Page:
The United Nations should move urgently to set up safe havens within Iraq for a human tide of refugees fleeing the Baghdad regime. Even though it would be unprecedented for the world organization to take such action without the approval of the host government of a member state, the sheer magnitude of the calamity Saddam Hussein has unleashed upon the Kurdish and Shiite people requires collective world action.
The United Nations, after all, was founded so that the Hitler horror would never happen again. One of its implicit purposes, in addition to construction of a world peace order, was to prevent a brutal dictatorship from inflicting a merciless pogrom upon its own citizens. Surely the plight of tens of thousands of Shiites in the U.S. zone of occupation in southern Iraq and the hundreds of thousands of Kurds crammed up against the Iraqi-Turkish border are deserving of extraordinary help.
Their perilous condition is a direct result of decisions by the United States and the United Nations to use force to eject Iraq from Kuwait. Therefore, the U.N. and the U.S. have an unshirkable responsibility to protect defenseless people from the death and destruction being unleashed against them by the Iraqi dictatorship.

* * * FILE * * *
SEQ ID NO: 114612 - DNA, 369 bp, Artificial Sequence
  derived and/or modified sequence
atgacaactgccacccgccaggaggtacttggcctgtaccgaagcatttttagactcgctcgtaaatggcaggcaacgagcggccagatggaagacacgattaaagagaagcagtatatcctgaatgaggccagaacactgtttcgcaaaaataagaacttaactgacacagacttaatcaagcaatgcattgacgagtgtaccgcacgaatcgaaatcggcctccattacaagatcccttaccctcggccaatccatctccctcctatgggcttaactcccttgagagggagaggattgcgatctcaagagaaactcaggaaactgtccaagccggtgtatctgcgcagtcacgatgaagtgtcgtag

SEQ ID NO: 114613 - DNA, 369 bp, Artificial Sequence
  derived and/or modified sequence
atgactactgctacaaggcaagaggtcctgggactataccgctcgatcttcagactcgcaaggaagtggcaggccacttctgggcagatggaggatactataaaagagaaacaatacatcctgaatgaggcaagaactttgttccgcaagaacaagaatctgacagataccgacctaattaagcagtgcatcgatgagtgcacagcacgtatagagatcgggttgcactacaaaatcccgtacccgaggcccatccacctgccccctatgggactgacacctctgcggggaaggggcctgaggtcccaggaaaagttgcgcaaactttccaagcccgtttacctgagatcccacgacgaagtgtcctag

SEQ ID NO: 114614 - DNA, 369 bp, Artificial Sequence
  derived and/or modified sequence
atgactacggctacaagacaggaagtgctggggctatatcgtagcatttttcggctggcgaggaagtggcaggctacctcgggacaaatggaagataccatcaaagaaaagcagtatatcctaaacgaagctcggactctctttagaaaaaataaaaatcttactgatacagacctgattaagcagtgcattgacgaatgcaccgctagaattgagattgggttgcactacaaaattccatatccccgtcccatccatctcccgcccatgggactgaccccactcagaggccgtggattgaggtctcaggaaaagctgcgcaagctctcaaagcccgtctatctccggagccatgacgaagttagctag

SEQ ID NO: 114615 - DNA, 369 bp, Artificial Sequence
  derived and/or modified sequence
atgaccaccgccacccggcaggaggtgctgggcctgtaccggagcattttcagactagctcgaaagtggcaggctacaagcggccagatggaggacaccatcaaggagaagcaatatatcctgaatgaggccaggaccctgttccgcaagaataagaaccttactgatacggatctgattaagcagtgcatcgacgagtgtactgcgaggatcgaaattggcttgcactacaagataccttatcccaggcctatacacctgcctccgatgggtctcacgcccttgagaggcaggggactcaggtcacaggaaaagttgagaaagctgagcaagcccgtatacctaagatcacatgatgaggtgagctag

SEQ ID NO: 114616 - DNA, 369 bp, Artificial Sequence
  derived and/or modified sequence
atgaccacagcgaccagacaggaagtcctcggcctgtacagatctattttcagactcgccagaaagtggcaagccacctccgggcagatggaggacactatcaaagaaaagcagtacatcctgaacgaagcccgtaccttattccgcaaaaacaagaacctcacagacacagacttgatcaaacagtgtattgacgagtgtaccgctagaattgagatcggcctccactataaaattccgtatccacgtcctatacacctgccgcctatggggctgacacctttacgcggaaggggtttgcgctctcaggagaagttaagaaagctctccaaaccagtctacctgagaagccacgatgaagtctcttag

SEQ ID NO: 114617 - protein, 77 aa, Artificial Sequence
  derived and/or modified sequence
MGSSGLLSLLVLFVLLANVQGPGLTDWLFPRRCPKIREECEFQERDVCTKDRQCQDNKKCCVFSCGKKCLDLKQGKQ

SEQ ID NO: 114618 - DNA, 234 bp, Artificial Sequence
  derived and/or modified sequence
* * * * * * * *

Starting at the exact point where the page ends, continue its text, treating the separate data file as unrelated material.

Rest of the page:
The aid airlift belatedly organized by the Bush administration will bring considerable relief to the Kurdish refugees. But this is only a stopgap. The larger question is what is to become of refugees who are overwhelming Turkish and Iranian governments none too eager to welcome them. Neither group should be left to the mercies of Saddam.
Given the choice of being "sucked into" an Iraqi civil war or getting American troops out of the gulf, President Bush is picking the latter with almost unseemly haste. Whether the small replacement U.N. peacekeeping force can do the job is questionable. A larger U.N. force with a mandate to fulfill a larger mission may be needed.
Even more difficult precedents are at stake in proposals to use force if necessary to form a sanctuary zone for the Kurds in northern Iraq. Many nations may be leery of doing anything -- even preventing genocide -- that might weaken the U.N. rule against non-interference in their internal affairs. Moreover, there is a danger that establishing safe enclaves of safety for Kurds and Shiite might lead to the very dismemberment of Iraq that the Bush administration has vowed to oppose.
All these factors must be weighed as the world community tries to protect Saddam's victims. But action there must be, with Saddam's ouster the ultimate goal. The U.N. cannot avert its face from the tragedy now taking place if there is ever to be a code of international law and decency.